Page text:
Dr. Li referred the Claimant to Dr. Todd D. Alexander, M.D., S.C., who saw the Claimant on May 12, 2005. (Tr. 338.) Dr. Alexander noted that Claimant reported numbness, tingling, and weakness in her lower extremities, particularly on the right side. (Tr. 338.) He wrote that she had experienced episodes of bladder incontinence since the incident in July 2004 that resulted in a broken right ankle, and that she has difficulty climbing stairs. (Tr. 338.) Dr. Alexander's review of Claimant's March 11, 2005 MRI indicated a very large L4-5 herniated disc of the extrusion variety that fills the majority of the spinal canal, and he recommended surgical treatment. (Tr. 338, 345.)

On May 25, 2005, Dr. Alexander performed microdiskectomy surgery on Claimant. (Tr. 345.) Claimant tolerated the procedure well. (Tr. 346.) She attended a post-operative follow-up visit on May 27, 2005 where she reported some left sciatic buttock pain, but there was no evidence of swelling or pseudomeningocele around the surgical area. (Tr. 337) Claimant was prescribed a Medrol*fn4 dosepak and Valium for muscle spasms. (Tr. 337.) At a June 3, 2005 follow-up appointment, Michelle Heidel, C.N.R.N., noted that Claimant reported that she was feeling much better and that her leg pain was completely gone. (Tr. 336.) She was given a prescription for physical therapy. (Tr. 336.)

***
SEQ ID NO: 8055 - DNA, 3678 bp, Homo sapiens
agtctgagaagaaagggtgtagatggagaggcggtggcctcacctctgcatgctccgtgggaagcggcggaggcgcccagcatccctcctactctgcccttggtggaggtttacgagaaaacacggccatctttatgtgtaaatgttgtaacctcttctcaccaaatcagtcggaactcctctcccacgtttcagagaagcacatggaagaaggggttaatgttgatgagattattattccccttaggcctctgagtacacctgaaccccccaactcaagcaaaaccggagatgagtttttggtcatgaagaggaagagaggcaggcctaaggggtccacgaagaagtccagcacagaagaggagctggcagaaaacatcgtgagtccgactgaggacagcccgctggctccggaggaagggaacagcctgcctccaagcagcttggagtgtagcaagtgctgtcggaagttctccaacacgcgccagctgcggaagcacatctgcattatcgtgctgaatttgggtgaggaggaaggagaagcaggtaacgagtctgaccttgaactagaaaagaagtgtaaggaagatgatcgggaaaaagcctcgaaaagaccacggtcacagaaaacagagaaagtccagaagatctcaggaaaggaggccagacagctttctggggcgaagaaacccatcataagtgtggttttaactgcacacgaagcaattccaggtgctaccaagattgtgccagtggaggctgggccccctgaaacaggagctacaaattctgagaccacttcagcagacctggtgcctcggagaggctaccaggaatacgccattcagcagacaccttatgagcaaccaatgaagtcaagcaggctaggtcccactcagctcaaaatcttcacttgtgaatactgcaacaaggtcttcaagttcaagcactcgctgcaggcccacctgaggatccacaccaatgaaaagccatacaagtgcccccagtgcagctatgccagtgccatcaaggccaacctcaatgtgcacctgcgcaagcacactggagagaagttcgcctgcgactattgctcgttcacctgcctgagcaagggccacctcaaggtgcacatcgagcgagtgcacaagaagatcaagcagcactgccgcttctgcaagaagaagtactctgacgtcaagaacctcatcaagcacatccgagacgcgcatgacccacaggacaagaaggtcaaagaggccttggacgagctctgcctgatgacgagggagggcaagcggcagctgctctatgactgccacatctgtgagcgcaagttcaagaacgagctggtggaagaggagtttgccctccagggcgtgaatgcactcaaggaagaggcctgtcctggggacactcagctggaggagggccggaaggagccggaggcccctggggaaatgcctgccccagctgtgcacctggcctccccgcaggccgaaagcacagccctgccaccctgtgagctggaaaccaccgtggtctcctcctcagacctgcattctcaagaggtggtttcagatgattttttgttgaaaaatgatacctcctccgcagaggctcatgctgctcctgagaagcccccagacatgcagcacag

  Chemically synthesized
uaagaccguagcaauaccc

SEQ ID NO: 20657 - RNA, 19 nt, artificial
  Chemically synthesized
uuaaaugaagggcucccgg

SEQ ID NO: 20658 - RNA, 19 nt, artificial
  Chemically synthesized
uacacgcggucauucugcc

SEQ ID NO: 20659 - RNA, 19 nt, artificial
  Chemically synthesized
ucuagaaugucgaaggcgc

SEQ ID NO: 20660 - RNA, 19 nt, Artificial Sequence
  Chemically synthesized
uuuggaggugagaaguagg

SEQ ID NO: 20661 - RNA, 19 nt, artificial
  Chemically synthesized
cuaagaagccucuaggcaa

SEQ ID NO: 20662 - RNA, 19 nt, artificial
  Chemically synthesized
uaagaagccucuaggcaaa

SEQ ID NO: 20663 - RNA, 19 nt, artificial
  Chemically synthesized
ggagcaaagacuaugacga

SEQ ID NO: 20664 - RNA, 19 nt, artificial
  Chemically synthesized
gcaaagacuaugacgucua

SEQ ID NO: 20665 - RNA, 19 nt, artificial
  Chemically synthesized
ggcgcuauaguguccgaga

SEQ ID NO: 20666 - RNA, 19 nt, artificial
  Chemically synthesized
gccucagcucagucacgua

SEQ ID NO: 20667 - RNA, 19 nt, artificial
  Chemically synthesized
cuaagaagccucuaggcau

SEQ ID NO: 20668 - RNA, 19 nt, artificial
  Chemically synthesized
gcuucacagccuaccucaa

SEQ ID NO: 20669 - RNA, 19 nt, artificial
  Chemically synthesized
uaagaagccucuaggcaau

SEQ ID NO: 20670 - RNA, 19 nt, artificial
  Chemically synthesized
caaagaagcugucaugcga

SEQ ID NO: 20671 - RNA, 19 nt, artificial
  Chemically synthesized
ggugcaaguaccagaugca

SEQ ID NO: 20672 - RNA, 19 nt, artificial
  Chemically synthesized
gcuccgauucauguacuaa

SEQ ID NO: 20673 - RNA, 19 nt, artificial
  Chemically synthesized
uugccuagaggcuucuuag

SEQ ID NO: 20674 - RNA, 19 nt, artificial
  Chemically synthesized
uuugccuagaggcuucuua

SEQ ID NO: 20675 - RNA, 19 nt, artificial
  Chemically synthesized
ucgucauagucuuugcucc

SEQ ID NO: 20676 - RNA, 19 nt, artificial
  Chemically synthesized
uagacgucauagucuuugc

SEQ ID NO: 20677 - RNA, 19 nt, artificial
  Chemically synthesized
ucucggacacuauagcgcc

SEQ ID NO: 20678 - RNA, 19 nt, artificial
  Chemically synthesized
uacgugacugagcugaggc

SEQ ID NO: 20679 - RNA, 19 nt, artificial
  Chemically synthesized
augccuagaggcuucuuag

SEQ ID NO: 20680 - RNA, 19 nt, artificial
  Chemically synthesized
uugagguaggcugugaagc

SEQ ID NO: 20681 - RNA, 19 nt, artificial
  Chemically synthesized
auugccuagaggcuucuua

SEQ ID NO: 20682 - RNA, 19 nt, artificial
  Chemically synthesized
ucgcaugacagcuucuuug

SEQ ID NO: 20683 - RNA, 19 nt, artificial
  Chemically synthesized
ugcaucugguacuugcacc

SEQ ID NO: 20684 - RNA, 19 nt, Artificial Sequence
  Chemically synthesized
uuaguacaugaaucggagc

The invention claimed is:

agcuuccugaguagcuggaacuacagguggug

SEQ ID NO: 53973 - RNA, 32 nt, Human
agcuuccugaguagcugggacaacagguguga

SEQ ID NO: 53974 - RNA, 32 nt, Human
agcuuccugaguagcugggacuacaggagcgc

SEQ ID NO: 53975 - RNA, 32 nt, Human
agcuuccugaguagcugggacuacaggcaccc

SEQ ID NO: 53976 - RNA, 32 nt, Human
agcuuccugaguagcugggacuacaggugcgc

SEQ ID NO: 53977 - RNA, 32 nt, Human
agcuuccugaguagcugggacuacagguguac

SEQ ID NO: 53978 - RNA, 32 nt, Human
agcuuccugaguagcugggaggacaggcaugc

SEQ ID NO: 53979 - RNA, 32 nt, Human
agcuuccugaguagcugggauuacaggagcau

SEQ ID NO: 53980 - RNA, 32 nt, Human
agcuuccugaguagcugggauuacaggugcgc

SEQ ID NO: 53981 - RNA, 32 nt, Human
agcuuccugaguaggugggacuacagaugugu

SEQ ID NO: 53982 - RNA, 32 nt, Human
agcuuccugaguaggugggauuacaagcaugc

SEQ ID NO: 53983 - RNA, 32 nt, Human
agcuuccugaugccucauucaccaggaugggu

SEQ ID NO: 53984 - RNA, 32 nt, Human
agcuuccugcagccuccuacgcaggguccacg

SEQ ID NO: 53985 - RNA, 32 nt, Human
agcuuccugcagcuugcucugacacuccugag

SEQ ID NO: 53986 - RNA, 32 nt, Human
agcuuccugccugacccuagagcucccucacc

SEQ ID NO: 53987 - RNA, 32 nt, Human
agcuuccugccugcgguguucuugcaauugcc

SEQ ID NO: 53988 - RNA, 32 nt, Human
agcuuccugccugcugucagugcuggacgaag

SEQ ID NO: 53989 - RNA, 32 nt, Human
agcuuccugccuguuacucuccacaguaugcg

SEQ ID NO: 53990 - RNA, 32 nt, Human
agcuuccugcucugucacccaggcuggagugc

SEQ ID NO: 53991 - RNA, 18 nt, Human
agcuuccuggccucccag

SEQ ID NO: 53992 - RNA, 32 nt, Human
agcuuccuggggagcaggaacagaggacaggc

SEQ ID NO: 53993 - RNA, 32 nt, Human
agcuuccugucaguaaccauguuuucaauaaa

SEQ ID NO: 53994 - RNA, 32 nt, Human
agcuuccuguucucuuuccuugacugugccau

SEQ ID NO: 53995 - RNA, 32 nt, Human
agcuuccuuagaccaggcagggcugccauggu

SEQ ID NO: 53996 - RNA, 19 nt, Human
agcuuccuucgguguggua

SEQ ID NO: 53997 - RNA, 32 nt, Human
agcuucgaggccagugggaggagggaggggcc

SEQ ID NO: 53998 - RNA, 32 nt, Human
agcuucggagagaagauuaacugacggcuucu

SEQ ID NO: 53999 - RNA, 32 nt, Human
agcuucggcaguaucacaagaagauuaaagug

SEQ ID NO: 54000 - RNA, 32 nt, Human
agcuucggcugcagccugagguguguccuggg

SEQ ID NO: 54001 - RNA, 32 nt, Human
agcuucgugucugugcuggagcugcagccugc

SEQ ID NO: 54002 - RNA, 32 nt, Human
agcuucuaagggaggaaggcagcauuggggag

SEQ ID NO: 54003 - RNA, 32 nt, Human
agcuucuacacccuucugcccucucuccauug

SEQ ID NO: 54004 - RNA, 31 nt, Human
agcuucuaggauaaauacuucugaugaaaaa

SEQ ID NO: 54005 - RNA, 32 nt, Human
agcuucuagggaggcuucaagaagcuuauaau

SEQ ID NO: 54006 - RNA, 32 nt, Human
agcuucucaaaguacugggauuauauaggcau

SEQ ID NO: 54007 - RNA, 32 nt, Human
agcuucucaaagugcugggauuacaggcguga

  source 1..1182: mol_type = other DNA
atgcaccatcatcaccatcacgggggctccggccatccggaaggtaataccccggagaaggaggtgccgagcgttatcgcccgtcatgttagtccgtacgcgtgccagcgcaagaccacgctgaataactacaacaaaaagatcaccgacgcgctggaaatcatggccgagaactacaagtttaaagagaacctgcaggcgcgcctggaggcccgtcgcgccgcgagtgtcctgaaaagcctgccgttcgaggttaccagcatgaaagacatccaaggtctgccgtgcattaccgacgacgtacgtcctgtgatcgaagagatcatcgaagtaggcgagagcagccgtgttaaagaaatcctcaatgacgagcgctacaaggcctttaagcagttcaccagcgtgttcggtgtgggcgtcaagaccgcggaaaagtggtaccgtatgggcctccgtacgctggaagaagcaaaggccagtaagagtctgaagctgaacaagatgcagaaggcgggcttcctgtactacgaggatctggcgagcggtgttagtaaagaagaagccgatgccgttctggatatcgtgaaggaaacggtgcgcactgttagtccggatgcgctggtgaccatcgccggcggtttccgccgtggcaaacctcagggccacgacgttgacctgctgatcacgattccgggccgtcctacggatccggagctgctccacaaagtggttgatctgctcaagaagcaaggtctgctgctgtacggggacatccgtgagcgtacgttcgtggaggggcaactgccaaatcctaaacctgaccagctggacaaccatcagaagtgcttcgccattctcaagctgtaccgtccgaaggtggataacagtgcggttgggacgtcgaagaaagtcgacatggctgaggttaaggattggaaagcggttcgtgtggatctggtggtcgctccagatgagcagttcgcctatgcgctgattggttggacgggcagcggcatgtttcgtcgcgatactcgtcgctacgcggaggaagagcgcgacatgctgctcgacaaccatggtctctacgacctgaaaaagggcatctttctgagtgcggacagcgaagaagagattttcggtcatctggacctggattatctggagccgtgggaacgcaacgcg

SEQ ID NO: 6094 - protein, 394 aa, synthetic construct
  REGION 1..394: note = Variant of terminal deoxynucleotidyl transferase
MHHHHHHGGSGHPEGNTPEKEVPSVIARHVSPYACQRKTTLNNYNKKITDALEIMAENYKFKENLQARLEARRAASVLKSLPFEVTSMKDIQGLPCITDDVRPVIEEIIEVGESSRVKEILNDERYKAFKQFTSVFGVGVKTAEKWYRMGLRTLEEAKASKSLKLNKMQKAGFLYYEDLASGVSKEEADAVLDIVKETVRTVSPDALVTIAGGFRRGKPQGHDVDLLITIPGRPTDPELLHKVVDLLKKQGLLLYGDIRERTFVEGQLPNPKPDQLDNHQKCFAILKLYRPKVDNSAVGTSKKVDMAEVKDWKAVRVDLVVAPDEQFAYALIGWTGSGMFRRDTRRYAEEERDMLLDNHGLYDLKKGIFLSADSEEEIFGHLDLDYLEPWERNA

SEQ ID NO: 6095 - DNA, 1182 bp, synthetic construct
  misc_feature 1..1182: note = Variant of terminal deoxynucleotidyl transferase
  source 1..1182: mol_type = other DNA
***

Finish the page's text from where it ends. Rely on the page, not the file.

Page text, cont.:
On June 15, 2005, Claimant was evaluated by physical therapist Laura L. Chambers Isely, PT, based on the referral from Dr. Alexander. (Tr. 340.) According to Ms. Chambers Isely's letter to Dr. Alexander, Claimant reported stiffness or pain at times, but no symptoms of numbness or tingling radiating into her legs. (Tr. 340.) The letter also noted that Claimant had been attempting to walk for five to ten minutes per day, which was her maximum. (Tr. 340.) Claimant reported that her goals were to return to being able to perform normal household activities, and to be able to begin an exercise program. (Tr. 340.) The letter indicated that Claimant was limited in her lower extremity range of motion and demonstrated decreased mobility and function secondary to her recent surgery. (Tr. 340.) The goals of her physical therapy were to restore a normal pain-free erect posture, to restore full pain-free trunk range of motion in all planes, to allow Claimant to ambulate up to 30 minutes continuously without pain, and to allow Claimant to perform normal household activities with proper body mechanics and neutral spine positioning. (Tr. 341.)